Sega reveals the full line-up for the Genesis Mini 2
Three years after the original hit stores, Sega returns to the world of all-in-one consoles with the Genesis Mini 2. And now, we know the full line-up of the North American version of the system.
Before we go on, I do want to make sure that we’re clear on that “North American version” part, as things are going a bit differently compared to the original Genesis Mini. As opposed to that system, which was sold by a variety of retailers, the Genesis Mini 2 is only available from Amazon, and the unit is shipped from Japan, resulting in a decently steep shipping fee. As well, Sega has stated that it is making about “one-tenth” the amount of units it made for the original Genesis Mini, so if you want one, pre-ordering might be a smart idea.
Anyhow, on to the games! Here’s the full roster of 60 titles:
|Cartridge Games ||Sega CD Games|
Given the original Genesis Mini featured 42 games, bumping the library for the Mini 2 up to 60 is nice to see. In terms of the games themselves, I definitely think we’re getting more of an “enthusiast” mix here. On the original Mini, you had a lot of iconic Genesis titles, heavy hitters, famous releases, “must have” inclusions, and then a handful of titles that were either more eclectic or harder to get in the modern era due to availability or price. (If you haven’t already, you can read my review of the system.)
Here, in terms of the cartridge-based inclusions, we’re getting: some secondary—but still really good—releases from popular franchises (Streets of Rage 3, Golden Axe II, Shining in the Darkness); some beloved but more hardcore titles (Herzog Zwei, Gain Ground, Rolling Thunder 2, Splatterhouse 2); some niche yet awesome Japanese-developed games (Ristar, Ranger-X, Alien Soldier, Warsong); and some games that’ll cost you a pretty penny to pick up at this point (Atomic Runner, Truxton, Crusader of Centy).
All in all, this is a very decent line-up of games, and while there are some titles that I feel are obviously missing from the system, I think Sega has really put together a roster of titles that justify the existence (and ownership) of the Genesis Mini 2.
The Sega CD library, on the other hand, isn’t as nice. Don’t get me wrong, there’s some good stuff here, with Sonic CD, the two upgraded versions of Ecco, Final Fight, and a few others. Mansion of Hidden Souls isn’t necessarily a good game, but it’s one I still have some warm memories of. The problem is, with how small the Sega CD’s full library of releases was, the omissions become especially glaring. No Lunar: The Silver Star, Lunar: Eternal Blue, or Popful Mail—when all three are on the Japanese version of the system. (Yeah, I know, it’s probably an issue with getting or using Working Designs’ localizations, but still.)
Japanese buyers get awesome Mega CD releases like Romance of the Three Kingdoms III and Shin Megami Tensei, while we get nonsense like Night Trap and Sewer Shark. Sure, you can say that’s because those games don’t have English versions—except RotTK III does on cartridge, which we totally could have gotten—but do you know what was brought over in English? Snatcher. After the debacle of getting the untranslated PC Engine version on the Turbografx-16 Mini, Sega could have scored serious points with fans by tossing some money Konami’s way. Speaking of money, how about Keio’s Flying Squadron, which currently goes for three-thousand five-hundred US dollars for a complete copy? That game alone could have justified the purchase of a unit.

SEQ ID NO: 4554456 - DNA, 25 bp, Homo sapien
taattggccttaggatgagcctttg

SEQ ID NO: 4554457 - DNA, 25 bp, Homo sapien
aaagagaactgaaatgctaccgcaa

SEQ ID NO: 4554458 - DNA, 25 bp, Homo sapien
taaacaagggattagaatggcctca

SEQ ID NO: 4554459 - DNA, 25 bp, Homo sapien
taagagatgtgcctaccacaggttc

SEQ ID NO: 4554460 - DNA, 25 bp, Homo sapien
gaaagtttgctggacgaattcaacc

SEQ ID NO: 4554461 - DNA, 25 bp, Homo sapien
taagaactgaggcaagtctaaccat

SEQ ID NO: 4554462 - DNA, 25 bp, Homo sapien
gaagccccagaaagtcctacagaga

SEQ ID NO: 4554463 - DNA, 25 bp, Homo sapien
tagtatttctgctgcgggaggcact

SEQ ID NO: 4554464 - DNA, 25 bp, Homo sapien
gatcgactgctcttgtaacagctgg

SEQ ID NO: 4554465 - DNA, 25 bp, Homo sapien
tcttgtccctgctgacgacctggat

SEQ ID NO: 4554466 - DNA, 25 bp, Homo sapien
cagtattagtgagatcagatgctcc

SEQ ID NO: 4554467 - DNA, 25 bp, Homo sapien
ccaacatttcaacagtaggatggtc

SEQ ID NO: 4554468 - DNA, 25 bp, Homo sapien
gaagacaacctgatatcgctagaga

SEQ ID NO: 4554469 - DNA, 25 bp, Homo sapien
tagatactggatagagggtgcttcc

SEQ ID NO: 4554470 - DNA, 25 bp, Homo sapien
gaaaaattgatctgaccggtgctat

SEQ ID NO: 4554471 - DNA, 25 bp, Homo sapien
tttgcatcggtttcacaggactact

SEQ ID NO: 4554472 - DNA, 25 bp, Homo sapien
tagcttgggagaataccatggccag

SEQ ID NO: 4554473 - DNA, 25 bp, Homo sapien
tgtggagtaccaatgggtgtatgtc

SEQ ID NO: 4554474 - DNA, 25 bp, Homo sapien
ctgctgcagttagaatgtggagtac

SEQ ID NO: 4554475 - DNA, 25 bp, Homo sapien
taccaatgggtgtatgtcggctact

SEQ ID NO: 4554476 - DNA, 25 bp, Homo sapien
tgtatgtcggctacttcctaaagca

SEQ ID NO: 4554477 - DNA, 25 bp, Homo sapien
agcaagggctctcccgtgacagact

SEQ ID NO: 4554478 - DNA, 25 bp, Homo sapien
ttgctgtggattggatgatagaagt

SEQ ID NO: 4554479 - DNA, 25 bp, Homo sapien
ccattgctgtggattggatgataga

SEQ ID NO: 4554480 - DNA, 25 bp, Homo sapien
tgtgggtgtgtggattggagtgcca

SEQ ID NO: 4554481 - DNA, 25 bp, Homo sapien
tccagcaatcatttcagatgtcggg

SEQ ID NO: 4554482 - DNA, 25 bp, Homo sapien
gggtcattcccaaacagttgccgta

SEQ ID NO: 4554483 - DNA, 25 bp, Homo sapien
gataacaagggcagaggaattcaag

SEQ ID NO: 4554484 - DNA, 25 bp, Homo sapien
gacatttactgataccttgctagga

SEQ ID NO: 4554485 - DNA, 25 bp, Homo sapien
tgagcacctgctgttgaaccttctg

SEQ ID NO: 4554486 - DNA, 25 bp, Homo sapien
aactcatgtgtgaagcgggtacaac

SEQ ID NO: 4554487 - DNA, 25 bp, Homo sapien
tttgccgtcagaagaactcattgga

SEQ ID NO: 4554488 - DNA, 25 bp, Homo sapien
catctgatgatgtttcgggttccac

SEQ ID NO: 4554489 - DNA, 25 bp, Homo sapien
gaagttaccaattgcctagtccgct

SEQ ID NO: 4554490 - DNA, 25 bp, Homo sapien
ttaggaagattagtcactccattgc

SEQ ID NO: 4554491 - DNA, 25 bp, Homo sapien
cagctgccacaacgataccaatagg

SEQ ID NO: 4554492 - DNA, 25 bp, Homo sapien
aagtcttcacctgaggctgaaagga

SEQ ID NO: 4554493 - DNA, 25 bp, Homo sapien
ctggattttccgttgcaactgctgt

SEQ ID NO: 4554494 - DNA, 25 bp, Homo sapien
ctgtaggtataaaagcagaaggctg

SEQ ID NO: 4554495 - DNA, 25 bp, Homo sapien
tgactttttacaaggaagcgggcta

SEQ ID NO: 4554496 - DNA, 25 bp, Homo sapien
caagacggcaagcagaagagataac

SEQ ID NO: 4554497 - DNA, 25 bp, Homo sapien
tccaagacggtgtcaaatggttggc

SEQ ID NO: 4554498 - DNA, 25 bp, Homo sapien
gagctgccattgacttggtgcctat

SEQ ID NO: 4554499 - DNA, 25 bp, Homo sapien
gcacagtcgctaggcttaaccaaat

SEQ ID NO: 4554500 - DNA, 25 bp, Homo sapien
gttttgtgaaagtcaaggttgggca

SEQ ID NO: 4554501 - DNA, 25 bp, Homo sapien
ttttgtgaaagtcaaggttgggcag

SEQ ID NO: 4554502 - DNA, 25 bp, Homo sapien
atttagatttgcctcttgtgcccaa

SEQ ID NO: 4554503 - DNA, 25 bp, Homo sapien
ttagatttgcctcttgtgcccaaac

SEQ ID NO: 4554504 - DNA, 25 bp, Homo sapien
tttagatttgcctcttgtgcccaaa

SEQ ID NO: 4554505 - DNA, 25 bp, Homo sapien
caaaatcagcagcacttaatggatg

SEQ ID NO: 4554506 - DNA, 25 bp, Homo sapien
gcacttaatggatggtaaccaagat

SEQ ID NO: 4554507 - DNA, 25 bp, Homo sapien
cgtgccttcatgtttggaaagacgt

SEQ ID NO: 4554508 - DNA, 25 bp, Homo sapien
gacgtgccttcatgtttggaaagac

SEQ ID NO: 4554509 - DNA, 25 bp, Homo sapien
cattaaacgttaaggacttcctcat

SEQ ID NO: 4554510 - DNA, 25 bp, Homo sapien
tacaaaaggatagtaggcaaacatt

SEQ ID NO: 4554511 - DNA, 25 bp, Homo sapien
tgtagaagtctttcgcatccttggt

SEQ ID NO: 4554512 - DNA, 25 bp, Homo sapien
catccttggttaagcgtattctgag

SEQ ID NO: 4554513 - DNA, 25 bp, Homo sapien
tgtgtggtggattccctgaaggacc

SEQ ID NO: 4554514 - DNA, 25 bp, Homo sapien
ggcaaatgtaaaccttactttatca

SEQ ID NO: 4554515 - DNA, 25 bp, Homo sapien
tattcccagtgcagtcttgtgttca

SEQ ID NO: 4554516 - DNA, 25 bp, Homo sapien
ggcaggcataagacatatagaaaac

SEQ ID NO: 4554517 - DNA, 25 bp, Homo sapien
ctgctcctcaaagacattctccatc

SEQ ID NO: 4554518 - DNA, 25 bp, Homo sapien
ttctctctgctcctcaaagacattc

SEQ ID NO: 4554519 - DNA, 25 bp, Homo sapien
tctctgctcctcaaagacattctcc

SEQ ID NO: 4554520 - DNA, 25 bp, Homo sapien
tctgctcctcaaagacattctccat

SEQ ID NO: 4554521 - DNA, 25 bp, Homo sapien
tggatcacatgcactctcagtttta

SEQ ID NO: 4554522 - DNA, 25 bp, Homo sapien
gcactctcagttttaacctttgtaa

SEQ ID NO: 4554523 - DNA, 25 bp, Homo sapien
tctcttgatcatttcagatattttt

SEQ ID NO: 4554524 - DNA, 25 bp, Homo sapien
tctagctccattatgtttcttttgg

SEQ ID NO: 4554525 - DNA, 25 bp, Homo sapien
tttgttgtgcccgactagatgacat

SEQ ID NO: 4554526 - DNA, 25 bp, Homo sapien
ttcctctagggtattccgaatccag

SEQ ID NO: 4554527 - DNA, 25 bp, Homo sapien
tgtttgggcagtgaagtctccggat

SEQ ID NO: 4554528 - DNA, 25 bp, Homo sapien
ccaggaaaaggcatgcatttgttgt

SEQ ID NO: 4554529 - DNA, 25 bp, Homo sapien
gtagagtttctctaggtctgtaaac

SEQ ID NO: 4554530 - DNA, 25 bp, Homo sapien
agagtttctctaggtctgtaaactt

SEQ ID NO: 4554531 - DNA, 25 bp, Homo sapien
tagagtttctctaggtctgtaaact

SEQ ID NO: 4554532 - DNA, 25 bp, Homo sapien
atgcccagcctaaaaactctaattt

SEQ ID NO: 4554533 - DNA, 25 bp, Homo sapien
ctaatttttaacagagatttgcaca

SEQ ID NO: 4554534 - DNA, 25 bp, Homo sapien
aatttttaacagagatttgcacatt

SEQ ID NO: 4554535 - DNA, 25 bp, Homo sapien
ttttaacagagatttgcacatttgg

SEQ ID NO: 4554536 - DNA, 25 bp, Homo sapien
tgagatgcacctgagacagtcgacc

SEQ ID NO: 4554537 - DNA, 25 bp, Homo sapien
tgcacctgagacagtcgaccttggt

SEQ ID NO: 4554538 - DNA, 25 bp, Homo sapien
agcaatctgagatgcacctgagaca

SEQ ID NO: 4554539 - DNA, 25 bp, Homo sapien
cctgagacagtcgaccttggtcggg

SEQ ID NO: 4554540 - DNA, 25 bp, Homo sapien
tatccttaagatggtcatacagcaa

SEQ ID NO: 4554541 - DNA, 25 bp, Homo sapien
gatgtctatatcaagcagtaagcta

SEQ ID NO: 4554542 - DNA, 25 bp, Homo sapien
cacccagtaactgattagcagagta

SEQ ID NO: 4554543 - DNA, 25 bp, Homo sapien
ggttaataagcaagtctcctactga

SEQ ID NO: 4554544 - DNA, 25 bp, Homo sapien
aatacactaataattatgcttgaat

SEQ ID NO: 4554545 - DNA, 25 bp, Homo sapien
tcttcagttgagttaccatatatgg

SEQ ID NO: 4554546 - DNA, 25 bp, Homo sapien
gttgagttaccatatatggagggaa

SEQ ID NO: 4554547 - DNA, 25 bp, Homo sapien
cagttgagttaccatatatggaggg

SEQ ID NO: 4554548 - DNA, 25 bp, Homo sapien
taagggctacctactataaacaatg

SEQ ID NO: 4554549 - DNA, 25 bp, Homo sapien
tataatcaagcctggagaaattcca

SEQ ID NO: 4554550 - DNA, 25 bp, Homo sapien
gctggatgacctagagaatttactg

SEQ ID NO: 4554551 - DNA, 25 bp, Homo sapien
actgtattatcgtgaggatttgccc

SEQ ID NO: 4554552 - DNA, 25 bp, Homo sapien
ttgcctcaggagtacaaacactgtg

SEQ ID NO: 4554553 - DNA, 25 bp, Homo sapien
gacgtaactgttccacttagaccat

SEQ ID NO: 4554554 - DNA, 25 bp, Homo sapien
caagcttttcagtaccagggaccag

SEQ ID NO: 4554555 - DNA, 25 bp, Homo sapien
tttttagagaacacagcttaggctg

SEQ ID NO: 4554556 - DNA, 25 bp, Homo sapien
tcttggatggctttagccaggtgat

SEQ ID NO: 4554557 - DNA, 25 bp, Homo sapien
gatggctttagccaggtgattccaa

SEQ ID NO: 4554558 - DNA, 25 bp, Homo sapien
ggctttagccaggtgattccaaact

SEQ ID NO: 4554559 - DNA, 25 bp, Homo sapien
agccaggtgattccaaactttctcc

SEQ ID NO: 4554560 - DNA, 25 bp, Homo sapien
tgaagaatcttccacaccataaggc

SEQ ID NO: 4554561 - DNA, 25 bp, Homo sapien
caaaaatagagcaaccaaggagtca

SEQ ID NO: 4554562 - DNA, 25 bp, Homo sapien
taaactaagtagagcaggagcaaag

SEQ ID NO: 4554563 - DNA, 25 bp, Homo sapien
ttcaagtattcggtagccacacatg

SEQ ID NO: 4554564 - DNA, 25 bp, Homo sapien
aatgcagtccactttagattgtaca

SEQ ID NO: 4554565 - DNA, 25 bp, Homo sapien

If the Sega Genesis Mini 2 has an awesome roster of cart-based games, and a so-so collection of Sega CD titles, its much-expanded selection of bonus inclusions is pretty weird—and I can definitely appreciate weird. Perhaps most exciting for me is Space Harrier II. Well, not that game itself, because I don’t care about it, but the fact that it seems to be coming along with a new port of the original Space Harrier for Genesis. Getting the second game instead of a better home port of the first was one of my biggest disappointments at the launch of Sega’s 16-bit console, so if we are in fact finally getting a proper Genesis port of Space Harrier, I’ll be incredibly happy. It’s hard for me to say too much about the rest of the bonus games (beyond Fantasy Zone and VS Puyo Puyo Sun), as I have no experience with any of them. But, that’s part of why I’m looking forward to trying the system out.
[Update: I’ve now confirmed for myself that a new Genesis port of Space Harrier is indeed included on the system. It’s a bittersweet addition: I’m so happy we finally have a proper port of the original game, but man, it’s really pushing the tech specs of the Genesis to its limits. The sprite flicker that’s going on is, at times, off the charts.]
Finally, I would be remiss if I didn’t point out one of the best features of the Sega Genesis Mini 2: the fact that that grotesque 3-button controller has been tossed in the garbage in exchange for the joy that is the Genesis 6-button pad. That controller remains one of the best input devices for 2D gaming to this day (only bested by its younger sibling, the Saturn pad), and the 3-button controller we got with the North American Genesis Mini was one of its biggest hardware failings. Sega has made the right decision this time around, and I salute them for it.
The Sega Genesis Mini 2 will be available October 27th.
Mollie got her start in games media via the crazy world of gaming fanzines, and now works at EGM with the goal of covering all of the weird Japanese and niche releases that nobody else on staff cares about. She’s active in the gaming community on a personal level, and an outspoken voice on topics such as equality in gaming, consumer rights, and good UI. Check her out on Twitter and Mastodon.